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Postcards From The Ghetto

As we approach the anniversary of the liberation of the Theresienstadt (or Terezin) ghetto on the 8th and 9th of May, we wanted to share the story of one of our most unique items in our archive: postcards from the ghetto.


Theresienstadt  was unique within the Third Reich. Located north of Prague, then Czechoslovakia, it became operational on 24th November 1941 until its liberation. The ghetto served as a transit camp for Jewish people being deported to the killing sites in the East until October 1944, and also as a ghetto where prisoners were used as forced labour. Approximately 140,000 Jews were sent to Theresienstadt, of these nearly 90,000 were ‘sent to the East’ and 33,000 died within the ghetto itself from poor conditions, disease, forced labour and starvation.

Theresienstadt was an important instrument within the Nazi propaganda machine. It was chosen as the location to host a visit from the International Red Cross in June 1944, during which the ghetto was ‘beautified’ to deceive the visitors. To this end, the Nazis also shot a revealing documentary in 1944 for external audiences, which depicts the inmates in Theresienstadt working contentedly on nearby farms and participating in recreational activities.

A women’s barrack in Theresienstadt
Credit: USHMM


Inmates in the Theresienstadt ghetto were allowed to receive packages and also send postcards to friends and relatives. The postcards had to be written in German and were heavily censored. Some people sent secret messages within their postcards to let the outside world know what was happening or to ask for assistance.

Postcards from Theresienstadt

The postcards in our archive were mainly written by Hugo Friedmann to a family friend. Hugo, his wife Hilde, and their children, Hans Georg and Liselotte, were deported from Vienna to Theresienstadt on 9th October 1942. Some of the postcards are also written by Hilde.

In one postcard written by Hugo on 4th November 1943. He thanks his friend for a recent package of bread and toothbrushes and informs them that the family are well. He also gives an insight into life within the ghetto:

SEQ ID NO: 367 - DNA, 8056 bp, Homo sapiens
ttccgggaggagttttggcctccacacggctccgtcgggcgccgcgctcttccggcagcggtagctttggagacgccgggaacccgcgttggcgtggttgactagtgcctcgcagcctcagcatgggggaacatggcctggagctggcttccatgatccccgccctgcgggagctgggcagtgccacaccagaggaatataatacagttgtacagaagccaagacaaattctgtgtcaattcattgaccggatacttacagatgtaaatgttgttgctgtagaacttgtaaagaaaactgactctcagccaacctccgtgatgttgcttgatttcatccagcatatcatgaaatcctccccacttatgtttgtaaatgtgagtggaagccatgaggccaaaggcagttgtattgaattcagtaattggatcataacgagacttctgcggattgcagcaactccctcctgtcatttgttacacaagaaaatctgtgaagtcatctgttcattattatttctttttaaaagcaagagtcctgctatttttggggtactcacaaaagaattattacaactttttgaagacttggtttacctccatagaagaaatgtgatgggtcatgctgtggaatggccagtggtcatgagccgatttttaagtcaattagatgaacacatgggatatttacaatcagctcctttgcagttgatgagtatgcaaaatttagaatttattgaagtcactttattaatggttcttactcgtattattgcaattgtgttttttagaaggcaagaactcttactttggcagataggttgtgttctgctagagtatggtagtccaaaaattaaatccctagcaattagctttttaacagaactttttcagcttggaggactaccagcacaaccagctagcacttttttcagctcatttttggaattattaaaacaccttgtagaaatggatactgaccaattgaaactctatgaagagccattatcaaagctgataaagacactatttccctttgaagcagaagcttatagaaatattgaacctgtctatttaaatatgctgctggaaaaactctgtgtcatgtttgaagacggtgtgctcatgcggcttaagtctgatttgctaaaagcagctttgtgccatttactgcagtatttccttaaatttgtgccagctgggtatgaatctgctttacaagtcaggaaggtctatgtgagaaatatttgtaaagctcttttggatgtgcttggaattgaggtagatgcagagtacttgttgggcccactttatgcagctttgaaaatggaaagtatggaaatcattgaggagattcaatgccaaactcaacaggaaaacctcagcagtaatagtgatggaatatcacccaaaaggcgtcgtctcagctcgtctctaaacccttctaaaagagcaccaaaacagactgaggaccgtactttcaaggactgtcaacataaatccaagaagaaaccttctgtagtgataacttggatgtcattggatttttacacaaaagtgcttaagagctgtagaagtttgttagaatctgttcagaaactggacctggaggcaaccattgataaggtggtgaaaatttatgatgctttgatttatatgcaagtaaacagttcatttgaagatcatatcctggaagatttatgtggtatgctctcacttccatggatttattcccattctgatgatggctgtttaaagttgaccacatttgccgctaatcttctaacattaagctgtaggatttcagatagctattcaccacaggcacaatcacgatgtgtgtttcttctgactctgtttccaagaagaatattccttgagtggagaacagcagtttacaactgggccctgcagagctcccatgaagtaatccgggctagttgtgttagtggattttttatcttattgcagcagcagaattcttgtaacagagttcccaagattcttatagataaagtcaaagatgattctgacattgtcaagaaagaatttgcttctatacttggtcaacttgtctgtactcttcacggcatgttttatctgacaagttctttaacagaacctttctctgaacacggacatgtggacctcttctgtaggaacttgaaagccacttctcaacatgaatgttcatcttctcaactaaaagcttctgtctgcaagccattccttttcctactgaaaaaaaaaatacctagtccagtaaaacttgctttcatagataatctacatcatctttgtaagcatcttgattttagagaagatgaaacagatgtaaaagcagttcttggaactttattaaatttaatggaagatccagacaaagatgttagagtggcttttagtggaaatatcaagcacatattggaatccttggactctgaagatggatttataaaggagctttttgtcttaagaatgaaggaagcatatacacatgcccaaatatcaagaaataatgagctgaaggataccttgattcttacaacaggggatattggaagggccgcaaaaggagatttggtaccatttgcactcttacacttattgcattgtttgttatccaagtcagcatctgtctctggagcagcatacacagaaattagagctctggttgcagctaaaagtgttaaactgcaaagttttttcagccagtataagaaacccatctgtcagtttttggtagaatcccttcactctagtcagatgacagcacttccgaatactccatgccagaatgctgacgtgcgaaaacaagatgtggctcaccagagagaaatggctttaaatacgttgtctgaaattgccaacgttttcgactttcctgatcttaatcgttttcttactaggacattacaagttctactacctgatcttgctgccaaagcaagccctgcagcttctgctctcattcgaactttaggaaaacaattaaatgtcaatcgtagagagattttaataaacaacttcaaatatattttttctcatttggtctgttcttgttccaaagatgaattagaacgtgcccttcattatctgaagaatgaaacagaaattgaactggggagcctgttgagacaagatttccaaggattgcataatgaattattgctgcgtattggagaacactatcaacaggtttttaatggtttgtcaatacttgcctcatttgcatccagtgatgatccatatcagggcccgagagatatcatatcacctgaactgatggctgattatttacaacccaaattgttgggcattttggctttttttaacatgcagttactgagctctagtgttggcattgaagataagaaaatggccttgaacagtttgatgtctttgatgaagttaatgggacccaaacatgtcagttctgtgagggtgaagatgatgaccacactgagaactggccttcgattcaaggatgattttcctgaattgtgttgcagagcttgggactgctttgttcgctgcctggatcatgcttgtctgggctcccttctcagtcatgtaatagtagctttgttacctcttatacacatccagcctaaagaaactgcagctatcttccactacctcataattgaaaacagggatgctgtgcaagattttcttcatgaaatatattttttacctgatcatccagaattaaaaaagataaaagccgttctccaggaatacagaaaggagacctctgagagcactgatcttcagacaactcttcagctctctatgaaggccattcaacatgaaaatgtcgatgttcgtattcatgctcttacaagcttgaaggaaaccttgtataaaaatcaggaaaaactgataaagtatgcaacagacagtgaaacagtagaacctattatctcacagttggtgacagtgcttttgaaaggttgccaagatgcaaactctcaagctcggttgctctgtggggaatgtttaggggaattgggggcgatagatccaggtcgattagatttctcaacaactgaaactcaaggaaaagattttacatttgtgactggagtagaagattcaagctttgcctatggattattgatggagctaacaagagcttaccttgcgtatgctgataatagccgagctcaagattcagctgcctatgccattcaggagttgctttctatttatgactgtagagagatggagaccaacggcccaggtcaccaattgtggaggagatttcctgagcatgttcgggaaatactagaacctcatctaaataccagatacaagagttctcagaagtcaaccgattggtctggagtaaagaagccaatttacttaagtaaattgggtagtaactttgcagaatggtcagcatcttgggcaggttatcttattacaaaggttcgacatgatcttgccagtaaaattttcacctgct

“I have much work in the local cultural life as a librarian and art historian with lectures and guidance, also [I] have much success as author of art historian poetry.”

These postcards not only reveal glimpses of life within the ghetto, but they also offer us insight into the bureaucracy of the Nazi regime. A formal receipt was issued for every postcard. The receipt below has been signed by Hugo, above the postage image showing Hitler’s image.

After Theresienstadt

The Friedmann family were deported from Theresienstadt to Auschwitz-Birkenau sometime in 1944. Hilde and Liselotte were killed in Auschwitz, and Hans Georg died in Dachau on 18th April 1945. Hugo was murdered in the Holocaust, the date of his death is recorded as 15th January 1945.

Family photo’s of the Friedmann family.

How did we receive these valuable and rare postcards within our archives?  Tom Kubie, a nephew of Hilde, escaped Nazi persecution and came to Britain with his parents, siblings and maternal grandparents in 1939. While in Britain, Tom’s father was able to help move his sister, Else, and her son to safety. After the war ended Else returned to Vienna, Austria to retrieve surviving family possessions. The postcards were still with the family friend who had been the recipient of the wartime exchanges, and Else was able to retrieve them. They were then passed to Otto, Tom’s father. Along with the Friedmann family, over half of Tom’s family did not survive the Holocaust, including his paternal grandparents.

Tom Kubie and his older brother, Bob. c.1939

Hannah May Randall


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